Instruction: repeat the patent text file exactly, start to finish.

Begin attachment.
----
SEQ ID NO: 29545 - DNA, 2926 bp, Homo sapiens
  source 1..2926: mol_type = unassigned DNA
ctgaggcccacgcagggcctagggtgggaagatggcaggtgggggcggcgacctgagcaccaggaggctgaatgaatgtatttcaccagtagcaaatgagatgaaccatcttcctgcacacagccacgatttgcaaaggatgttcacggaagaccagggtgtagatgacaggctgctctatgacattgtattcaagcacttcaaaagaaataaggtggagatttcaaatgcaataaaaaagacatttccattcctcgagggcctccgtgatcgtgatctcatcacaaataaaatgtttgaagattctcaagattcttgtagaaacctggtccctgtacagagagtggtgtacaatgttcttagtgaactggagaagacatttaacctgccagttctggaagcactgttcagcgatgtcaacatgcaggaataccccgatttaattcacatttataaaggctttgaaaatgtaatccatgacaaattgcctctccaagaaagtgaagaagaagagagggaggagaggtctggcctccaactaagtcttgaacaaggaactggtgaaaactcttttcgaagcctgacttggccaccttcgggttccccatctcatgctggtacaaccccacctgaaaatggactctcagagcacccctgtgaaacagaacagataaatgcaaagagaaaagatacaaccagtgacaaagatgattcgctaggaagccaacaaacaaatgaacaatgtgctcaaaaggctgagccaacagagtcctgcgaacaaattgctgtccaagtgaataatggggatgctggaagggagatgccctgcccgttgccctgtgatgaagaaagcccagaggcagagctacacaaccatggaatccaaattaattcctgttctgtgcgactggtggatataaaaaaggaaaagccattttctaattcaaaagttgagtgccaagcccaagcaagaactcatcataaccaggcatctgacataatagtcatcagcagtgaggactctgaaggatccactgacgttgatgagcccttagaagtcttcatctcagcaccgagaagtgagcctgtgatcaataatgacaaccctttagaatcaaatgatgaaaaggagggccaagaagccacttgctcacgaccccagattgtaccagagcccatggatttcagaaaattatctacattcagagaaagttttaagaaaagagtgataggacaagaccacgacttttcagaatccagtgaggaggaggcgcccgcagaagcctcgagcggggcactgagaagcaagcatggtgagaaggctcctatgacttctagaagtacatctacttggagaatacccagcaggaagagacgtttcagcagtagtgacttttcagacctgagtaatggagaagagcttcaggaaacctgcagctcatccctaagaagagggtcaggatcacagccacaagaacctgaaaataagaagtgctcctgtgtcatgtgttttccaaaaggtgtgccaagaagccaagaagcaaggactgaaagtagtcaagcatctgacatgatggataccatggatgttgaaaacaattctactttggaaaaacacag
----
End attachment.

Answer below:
SEQ ID NO: 29545 - DNA, 2926 bp, Homo sapiens
  source 1..2926: mol_type = unassigned DNA
ctgaggcccacgcagggcctagggtgggaagatggcaggtgggggcggcgacctgagcaccaggaggctgaatgaatgtatttcaccagtagcaaatgagatgaaccatcttcctgcacacagccacgatttgcaaaggatgttcacggaagaccagggtgtagatgacaggctgctctatgacattgtattcaagcacttcaaaagaaataaggtggagatttcaaatgcaataaaaaagacatttccattcctcgagggcctccgtgatcgtgatctcatcacaaataaaatgtttgaagattctcaagattcttgtagaaacctggtccctgtacagagagtggtgtacaatgttcttagtgaactggagaagacatttaacctgccagttctggaagcactgttcagcgatgtcaacatgcaggaataccccgatttaattcacatttataaaggctttgaaaatgtaatccatgacaaattgcctctccaagaaagtgaagaagaagagagggaggagaggtctggcctccaactaagtcttgaacaaggaactggtgaaaactcttttcgaagcctgacttggccaccttcgggttccccatctcatgctggtacaaccccacctgaaaatggactctcagagcacccctgtgaaacagaacagataaatgcaaagagaaaagatacaaccagtgacaaagatgattcgctaggaagccaacaaacaaatgaacaatgtgctcaaaaggctgagccaacagagtcctgcgaacaaattgctgtccaagtgaataatggggatgctggaagggagatgccctgcccgttgccctgtgatgaagaaagcccagaggcagagctacacaaccatggaatccaaattaattcctgttctgtgcgactggtggatataaaaaaggaaaagccattttctaattcaaaagttgagtgccaagcccaagcaagaactcatcataaccaggcatctgacataatagtcatcagcagtgaggactctgaaggatccactgacgttgatgagcccttagaagtcttcatctcagcaccgagaagtgagcctgtgatcaataatgacaaccctttagaatcaaatgatgaaaaggagggccaagaagccacttgctcacgaccccagattgtaccagagcccatggatttcagaaaattatctacattcagagaaagttttaagaaaagagtgataggacaagaccacgacttttcagaatccagtgaggaggaggcgcccgcagaagcctcgagcggggcactgagaagcaagcatggtgagaaggctcctatgacttctagaagtacatctacttggagaatacccagcaggaagagacgtttcagcagtagtgacttttcagacctgagtaatggagaagagcttcaggaaacctgcagctcatccctaagaagagggtcaggatcacagccacaagaacctgaaaataagaagtgctcctgtgtcatgtgttttccaaaaggtgtgccaagaagccaagaagcaaggactgaaagtagtcaagcatctgacatgatggataccatggatgttgaaaacaattctactttggaaaaacacag